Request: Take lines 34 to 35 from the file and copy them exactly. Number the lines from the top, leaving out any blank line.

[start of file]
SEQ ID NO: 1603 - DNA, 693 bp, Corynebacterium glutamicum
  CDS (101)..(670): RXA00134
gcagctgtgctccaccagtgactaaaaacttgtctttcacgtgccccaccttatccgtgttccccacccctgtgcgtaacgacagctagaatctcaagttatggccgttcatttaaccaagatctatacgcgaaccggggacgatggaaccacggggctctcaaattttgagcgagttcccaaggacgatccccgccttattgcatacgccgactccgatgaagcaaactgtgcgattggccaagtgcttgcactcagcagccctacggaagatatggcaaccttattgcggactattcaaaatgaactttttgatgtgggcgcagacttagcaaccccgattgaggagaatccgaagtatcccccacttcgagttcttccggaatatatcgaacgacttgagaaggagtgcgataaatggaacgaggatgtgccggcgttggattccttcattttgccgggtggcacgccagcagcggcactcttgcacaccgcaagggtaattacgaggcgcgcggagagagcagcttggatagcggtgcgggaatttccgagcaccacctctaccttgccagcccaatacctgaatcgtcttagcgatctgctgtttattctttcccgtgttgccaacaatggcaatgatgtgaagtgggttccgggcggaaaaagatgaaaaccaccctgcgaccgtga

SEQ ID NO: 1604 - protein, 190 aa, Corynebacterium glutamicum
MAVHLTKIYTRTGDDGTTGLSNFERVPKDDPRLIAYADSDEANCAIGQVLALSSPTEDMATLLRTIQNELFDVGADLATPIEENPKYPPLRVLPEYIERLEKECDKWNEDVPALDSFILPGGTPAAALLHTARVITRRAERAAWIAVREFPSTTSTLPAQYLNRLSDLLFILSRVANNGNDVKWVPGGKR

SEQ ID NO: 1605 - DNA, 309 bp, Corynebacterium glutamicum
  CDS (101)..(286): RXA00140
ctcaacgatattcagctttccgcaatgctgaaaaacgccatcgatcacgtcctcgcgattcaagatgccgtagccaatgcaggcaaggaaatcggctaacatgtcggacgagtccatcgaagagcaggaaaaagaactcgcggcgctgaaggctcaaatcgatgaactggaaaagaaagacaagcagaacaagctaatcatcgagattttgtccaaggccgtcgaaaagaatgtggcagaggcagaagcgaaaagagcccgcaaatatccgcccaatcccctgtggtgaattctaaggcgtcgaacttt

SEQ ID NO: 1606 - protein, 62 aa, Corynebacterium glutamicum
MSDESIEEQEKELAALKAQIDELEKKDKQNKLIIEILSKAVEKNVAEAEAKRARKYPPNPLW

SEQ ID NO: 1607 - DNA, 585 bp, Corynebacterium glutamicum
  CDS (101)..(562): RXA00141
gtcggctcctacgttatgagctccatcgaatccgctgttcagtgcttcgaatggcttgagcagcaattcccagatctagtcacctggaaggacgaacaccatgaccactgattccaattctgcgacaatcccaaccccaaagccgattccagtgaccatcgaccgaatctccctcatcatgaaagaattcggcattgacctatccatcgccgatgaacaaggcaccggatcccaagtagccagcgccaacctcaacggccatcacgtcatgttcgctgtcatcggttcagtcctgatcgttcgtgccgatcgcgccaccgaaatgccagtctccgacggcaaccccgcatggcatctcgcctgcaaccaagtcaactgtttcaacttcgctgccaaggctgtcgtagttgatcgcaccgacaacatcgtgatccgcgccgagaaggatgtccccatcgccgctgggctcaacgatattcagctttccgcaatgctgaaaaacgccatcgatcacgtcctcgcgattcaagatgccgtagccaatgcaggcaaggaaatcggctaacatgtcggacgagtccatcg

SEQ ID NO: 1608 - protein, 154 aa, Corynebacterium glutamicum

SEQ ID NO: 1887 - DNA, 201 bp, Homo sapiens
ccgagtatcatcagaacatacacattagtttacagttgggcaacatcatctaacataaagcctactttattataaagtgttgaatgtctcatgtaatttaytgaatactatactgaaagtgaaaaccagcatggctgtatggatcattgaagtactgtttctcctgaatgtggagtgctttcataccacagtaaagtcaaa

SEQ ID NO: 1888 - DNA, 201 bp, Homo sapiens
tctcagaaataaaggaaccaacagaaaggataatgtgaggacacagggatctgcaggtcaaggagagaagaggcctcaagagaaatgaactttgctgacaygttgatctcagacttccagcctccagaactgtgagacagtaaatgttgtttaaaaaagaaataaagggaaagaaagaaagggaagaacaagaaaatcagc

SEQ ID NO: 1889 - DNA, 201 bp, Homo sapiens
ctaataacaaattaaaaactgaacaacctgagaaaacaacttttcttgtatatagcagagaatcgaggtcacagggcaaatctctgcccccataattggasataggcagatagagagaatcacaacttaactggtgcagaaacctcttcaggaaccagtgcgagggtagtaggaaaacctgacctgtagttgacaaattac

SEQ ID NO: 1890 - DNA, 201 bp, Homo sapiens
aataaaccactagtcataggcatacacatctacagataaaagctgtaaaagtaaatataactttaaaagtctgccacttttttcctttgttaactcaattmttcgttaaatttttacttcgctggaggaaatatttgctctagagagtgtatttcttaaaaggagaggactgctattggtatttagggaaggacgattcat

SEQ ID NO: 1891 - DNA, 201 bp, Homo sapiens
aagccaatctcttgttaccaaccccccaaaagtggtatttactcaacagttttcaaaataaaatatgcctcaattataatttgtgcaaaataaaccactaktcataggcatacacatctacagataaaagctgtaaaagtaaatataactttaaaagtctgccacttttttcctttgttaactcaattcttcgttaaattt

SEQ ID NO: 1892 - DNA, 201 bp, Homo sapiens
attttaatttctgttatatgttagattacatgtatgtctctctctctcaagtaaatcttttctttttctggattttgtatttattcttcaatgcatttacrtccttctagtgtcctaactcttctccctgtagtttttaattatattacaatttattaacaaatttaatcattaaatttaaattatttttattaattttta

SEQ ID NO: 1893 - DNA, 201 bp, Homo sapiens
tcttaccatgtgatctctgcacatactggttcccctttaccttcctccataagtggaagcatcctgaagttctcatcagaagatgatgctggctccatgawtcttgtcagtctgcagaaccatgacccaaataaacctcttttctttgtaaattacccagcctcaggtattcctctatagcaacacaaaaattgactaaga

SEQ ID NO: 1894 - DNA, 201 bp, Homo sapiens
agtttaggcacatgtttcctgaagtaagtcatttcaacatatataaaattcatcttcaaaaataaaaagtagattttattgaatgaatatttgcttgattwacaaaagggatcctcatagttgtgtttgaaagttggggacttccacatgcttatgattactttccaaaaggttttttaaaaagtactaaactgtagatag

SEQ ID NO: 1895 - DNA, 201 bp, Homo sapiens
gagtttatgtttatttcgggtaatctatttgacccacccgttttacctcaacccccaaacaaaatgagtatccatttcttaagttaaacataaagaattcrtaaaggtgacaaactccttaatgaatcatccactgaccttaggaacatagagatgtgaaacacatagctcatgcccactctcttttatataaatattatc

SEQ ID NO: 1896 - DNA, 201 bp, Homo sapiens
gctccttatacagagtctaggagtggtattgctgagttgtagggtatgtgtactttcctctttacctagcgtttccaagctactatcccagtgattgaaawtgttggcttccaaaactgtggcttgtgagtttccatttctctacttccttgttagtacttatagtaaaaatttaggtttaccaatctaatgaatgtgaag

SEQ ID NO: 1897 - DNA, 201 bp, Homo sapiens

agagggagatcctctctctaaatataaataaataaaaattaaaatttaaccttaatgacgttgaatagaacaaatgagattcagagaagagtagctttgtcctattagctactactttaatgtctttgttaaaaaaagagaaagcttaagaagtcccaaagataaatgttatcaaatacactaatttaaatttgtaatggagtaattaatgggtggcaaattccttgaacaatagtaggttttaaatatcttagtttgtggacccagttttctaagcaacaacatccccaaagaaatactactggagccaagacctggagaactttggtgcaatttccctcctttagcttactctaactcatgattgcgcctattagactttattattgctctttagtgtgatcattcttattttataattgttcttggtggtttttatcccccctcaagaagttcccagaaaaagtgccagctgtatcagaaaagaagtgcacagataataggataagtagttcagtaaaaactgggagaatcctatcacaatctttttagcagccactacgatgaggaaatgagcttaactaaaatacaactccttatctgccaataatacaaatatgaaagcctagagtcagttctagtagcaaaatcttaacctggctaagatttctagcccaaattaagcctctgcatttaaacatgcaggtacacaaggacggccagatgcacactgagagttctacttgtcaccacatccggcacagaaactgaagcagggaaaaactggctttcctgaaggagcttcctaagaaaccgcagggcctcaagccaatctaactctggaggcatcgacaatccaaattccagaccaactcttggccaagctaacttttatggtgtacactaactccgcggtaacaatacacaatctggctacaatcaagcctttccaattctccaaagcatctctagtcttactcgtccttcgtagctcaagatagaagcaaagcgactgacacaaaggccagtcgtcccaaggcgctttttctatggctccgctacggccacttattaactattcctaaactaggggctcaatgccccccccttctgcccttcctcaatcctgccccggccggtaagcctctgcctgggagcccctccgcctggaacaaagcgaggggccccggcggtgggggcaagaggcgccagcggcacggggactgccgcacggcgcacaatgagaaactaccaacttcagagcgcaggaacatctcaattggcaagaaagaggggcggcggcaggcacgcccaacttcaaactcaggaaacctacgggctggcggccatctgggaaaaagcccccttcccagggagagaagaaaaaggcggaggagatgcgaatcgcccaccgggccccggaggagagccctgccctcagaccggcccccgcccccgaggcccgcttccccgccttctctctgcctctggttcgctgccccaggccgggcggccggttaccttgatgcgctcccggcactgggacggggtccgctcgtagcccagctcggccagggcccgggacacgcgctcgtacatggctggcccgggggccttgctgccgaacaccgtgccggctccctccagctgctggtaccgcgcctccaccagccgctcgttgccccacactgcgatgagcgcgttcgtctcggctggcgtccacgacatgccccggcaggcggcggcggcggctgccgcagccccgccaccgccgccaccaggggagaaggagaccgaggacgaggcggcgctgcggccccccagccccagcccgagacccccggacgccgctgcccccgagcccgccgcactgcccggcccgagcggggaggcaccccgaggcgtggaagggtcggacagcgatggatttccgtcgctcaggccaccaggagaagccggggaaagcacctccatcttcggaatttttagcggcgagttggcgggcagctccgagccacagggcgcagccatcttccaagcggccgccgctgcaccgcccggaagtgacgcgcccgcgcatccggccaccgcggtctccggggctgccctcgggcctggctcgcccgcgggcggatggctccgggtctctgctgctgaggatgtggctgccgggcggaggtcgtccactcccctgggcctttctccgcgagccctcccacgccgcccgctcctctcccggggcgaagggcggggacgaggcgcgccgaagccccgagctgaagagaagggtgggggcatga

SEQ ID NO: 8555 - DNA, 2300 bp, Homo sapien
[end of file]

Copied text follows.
gctccttatacagagtctaggagtggtattgctgagttgtagggtatgtgtactttcctctttacctagcgtttccaagctactatcccagtgattgaaawtgttggcttccaaaactgtggcttgtgagtttccatttctctacttccttgttagtacttatagtaaaaatttaggtttaccaatctaatgaatgtgaag

SEQ ID NO: 1897 - DNA, 201 bp, Homo sapiens